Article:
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She has become the fifth Queen's Counsel in Otago, joining Colin Withnall, Judith Ablett-Kerr, Royden Somerville and Trevor Shiels, the latter appointed last year.
She is one of about 120 QCs nationwide, and was among 14 new QC appointments announced yesterday by Attorney-general Christopher Finlayson QC.
The Queen's Counsel ranking recognised independent advocates who had ''excelled at the highest level of law'', Mr Finlayson said.
Ms Chan (51) was ''very greatly honoured'', and excited to be appointed a QC.
She specialises in complex child and financial family law cases, often with an international aspect.
She is also appointed by the courts as a lawyer for children, a role she particularly enjoys.
Ms Chan is also vice-president of the International Academy of Matrimonial Lawyers, and recently attended a meeting of the academy executive in New York, returning to Dunedin on Wednesday.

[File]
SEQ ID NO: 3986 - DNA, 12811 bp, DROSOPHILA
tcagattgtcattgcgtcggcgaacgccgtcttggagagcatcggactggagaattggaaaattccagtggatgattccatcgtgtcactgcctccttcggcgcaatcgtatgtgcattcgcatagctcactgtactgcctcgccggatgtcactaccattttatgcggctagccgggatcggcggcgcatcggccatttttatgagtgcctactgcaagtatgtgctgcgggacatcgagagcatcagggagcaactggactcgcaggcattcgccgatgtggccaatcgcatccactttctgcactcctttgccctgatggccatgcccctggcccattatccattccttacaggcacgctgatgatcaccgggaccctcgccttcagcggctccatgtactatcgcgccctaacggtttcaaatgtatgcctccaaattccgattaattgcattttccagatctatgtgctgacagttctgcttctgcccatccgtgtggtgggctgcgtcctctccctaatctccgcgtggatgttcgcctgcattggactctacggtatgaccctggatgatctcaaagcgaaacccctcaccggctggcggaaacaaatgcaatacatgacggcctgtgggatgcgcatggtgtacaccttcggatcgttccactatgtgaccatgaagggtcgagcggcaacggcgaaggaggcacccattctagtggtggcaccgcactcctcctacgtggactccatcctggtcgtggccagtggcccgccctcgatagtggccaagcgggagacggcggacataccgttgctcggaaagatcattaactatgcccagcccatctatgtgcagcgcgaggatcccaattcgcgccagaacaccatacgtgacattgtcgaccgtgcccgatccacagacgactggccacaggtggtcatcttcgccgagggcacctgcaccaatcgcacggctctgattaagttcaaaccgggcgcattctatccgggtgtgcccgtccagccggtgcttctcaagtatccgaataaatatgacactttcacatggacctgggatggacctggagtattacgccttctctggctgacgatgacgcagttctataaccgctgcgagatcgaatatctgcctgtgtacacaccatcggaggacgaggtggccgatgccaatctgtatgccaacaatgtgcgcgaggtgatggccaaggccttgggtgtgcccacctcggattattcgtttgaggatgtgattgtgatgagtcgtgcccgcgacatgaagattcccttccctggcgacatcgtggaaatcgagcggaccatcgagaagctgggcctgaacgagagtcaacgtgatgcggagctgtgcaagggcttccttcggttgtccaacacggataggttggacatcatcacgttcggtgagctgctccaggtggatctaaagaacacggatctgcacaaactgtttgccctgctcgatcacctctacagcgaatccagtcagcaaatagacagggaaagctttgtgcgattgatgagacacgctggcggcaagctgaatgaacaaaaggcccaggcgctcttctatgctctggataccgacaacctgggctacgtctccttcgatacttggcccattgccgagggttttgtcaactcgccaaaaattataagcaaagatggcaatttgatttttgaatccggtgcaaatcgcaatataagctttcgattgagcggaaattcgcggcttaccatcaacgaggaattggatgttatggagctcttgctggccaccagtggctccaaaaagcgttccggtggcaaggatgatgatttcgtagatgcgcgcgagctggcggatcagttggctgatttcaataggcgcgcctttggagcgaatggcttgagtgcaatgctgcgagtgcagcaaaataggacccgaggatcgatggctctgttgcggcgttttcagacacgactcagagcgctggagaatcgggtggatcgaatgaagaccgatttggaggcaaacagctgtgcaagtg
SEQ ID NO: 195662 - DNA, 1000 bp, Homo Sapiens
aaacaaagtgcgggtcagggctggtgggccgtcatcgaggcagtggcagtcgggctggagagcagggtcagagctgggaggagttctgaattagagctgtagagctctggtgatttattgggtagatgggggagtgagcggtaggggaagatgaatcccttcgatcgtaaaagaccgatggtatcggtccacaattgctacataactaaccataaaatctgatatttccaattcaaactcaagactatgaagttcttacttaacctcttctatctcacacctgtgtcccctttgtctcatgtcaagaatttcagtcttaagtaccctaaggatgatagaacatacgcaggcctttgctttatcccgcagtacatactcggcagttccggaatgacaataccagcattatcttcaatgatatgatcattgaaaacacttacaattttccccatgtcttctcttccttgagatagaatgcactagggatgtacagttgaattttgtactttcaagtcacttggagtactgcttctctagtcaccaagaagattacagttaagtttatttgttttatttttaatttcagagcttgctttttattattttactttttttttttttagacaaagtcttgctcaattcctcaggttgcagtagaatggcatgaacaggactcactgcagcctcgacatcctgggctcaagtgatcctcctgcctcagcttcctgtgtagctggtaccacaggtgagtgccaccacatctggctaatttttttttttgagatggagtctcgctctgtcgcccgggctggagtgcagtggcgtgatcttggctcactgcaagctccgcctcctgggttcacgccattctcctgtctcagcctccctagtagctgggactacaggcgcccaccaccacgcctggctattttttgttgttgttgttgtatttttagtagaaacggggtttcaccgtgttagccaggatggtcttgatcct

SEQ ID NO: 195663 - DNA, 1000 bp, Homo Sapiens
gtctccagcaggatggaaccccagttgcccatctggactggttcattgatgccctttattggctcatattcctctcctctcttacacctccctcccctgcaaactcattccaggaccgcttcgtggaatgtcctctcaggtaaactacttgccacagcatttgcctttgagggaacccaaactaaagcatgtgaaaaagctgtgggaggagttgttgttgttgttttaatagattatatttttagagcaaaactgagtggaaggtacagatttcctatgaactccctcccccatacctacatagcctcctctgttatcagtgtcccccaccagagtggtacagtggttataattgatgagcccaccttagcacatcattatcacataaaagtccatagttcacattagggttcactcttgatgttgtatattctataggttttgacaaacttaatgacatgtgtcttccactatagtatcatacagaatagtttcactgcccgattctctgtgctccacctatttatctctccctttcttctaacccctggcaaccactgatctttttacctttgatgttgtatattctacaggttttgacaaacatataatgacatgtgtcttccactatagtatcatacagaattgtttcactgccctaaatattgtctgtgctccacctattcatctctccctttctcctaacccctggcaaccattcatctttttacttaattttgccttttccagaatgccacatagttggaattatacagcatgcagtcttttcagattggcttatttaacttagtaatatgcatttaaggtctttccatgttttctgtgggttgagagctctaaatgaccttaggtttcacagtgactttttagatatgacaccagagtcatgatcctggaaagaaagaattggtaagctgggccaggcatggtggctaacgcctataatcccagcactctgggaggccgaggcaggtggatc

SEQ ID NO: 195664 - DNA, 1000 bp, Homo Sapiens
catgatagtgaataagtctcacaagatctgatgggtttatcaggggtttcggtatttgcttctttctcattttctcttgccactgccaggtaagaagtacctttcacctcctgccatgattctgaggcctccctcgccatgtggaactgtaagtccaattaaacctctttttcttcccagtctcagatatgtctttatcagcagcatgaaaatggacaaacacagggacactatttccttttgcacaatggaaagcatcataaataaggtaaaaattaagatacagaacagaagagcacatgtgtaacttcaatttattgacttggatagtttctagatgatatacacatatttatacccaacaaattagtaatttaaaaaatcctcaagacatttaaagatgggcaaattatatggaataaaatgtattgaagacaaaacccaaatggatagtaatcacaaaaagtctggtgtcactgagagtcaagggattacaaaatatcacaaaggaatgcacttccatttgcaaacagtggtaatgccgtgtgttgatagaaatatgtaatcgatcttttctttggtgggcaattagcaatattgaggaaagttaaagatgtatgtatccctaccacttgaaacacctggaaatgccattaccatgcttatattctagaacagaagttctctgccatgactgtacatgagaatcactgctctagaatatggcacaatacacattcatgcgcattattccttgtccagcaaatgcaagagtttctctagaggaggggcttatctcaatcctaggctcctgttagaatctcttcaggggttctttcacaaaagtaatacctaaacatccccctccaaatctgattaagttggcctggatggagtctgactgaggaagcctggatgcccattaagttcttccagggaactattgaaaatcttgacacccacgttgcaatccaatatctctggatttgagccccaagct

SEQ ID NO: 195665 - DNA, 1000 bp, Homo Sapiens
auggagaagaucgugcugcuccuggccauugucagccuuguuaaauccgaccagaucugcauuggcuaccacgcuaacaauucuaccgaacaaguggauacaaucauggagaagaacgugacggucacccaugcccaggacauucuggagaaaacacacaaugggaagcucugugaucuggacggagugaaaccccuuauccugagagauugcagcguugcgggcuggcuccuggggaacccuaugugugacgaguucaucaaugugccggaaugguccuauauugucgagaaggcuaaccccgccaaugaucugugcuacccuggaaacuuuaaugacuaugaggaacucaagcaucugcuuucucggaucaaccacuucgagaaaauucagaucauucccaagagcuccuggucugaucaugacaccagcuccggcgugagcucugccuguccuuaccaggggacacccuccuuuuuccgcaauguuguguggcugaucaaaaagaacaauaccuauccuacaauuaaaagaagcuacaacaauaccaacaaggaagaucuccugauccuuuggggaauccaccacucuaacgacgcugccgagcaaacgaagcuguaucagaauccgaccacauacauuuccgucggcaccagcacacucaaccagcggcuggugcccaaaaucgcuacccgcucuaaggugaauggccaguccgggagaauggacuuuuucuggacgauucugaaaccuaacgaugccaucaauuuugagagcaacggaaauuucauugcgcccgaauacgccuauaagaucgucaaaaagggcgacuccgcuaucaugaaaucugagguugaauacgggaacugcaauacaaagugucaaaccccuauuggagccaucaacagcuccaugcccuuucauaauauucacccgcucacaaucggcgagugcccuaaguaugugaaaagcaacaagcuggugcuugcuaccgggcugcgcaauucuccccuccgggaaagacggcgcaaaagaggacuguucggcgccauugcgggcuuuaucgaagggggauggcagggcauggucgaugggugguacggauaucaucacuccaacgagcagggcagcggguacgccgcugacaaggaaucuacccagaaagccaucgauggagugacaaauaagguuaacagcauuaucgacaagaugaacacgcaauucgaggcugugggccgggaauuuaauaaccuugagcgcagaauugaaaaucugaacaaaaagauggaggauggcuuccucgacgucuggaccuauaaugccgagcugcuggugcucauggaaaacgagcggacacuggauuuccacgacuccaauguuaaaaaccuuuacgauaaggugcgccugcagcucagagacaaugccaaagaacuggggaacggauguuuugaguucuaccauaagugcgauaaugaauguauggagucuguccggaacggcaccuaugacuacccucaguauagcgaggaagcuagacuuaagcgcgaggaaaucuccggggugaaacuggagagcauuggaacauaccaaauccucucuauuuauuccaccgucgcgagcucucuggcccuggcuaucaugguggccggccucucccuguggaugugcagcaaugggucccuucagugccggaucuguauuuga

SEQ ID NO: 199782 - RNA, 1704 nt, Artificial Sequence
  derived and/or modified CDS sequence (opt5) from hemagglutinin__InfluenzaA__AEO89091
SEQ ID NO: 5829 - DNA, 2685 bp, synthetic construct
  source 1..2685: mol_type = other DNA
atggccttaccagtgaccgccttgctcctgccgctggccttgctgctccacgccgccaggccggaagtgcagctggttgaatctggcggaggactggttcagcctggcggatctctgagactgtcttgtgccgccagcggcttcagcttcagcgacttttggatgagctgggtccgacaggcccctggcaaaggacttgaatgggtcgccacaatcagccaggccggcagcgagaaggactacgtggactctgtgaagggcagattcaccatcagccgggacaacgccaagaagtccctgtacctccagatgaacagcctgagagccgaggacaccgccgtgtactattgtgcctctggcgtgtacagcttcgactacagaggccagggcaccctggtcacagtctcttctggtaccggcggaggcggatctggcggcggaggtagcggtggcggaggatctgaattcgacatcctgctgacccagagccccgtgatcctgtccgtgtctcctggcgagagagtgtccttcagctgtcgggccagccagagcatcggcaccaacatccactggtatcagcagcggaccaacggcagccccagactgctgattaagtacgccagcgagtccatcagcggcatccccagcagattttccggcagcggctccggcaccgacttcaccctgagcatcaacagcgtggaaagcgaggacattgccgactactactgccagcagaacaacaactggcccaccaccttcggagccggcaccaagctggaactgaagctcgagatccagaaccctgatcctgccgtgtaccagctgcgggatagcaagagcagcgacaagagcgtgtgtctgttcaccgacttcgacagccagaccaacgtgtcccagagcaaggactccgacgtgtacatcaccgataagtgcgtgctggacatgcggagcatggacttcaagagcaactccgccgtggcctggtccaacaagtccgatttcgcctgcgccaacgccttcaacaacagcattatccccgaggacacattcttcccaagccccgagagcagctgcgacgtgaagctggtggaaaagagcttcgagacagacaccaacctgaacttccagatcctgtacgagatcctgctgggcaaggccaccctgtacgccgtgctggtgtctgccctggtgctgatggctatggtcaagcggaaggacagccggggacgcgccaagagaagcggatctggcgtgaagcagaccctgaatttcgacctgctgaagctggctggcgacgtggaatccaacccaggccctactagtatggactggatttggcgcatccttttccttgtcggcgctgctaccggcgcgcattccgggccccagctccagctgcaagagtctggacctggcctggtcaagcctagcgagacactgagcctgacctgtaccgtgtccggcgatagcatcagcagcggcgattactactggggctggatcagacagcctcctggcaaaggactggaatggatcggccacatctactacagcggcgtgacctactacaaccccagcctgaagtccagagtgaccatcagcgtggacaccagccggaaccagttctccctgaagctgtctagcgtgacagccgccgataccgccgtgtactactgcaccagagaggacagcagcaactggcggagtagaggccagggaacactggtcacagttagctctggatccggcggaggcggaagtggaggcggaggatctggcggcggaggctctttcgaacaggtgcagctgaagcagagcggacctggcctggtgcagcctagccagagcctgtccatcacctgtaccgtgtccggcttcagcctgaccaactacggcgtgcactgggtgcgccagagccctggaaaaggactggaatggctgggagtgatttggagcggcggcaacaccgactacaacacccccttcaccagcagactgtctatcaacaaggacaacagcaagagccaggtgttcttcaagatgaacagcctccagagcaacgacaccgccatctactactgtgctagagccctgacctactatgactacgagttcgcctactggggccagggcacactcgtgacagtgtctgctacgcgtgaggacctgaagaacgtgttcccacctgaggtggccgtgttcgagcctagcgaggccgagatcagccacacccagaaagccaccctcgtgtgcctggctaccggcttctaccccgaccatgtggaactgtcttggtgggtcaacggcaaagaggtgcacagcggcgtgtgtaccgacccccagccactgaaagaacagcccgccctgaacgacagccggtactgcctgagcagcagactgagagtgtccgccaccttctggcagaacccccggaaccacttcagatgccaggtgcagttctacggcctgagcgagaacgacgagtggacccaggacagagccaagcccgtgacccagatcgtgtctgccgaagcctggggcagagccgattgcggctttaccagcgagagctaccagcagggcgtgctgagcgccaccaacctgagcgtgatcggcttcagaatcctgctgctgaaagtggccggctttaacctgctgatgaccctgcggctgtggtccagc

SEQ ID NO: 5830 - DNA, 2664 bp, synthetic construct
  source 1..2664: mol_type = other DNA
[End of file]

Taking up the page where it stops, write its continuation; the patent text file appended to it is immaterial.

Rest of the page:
During her 35-hour return trip to Dunedin, she was waiting in transit at Los Angeles International Airport on Tuesday evening when she received a telephone call from Mr Findlayson, advising of her appointment.
The reality of becoming a QC was still sinking in, she added.
Family law work often meant dealing with people during ''the most traumatic event in their life'', after a relationship break-up, but the work was also highly rewarding.
''If you can help turn that into a positive outcome for your client and hopefully for both parties, that's got to be a good thing,'' she said.
After graduating from the University of Otago with an LLB in 1984, she worked in several Dunedin law firms, dealing with criminal, civil and family law and tribunals.
She joined Barristers Chambers in late 1997, later helping establish Princes Chambers where she still practises.
She has also chaired the New Zealand Law Society Family Law Section (2000-01).
The other new QCs announced yesterday are: Russell Bartlett, Stephen Bonnar, Paul David, Marie Dyhrberg, Antonia Fisher, Paul Rishworth, Paul Wicks, all of Auckland; David Laurenson, Matthew McClelland, Matthew Palmer, Paul Radich, all of Wellington; and Prudence Steven and Peter Whiteside, of Christchurch.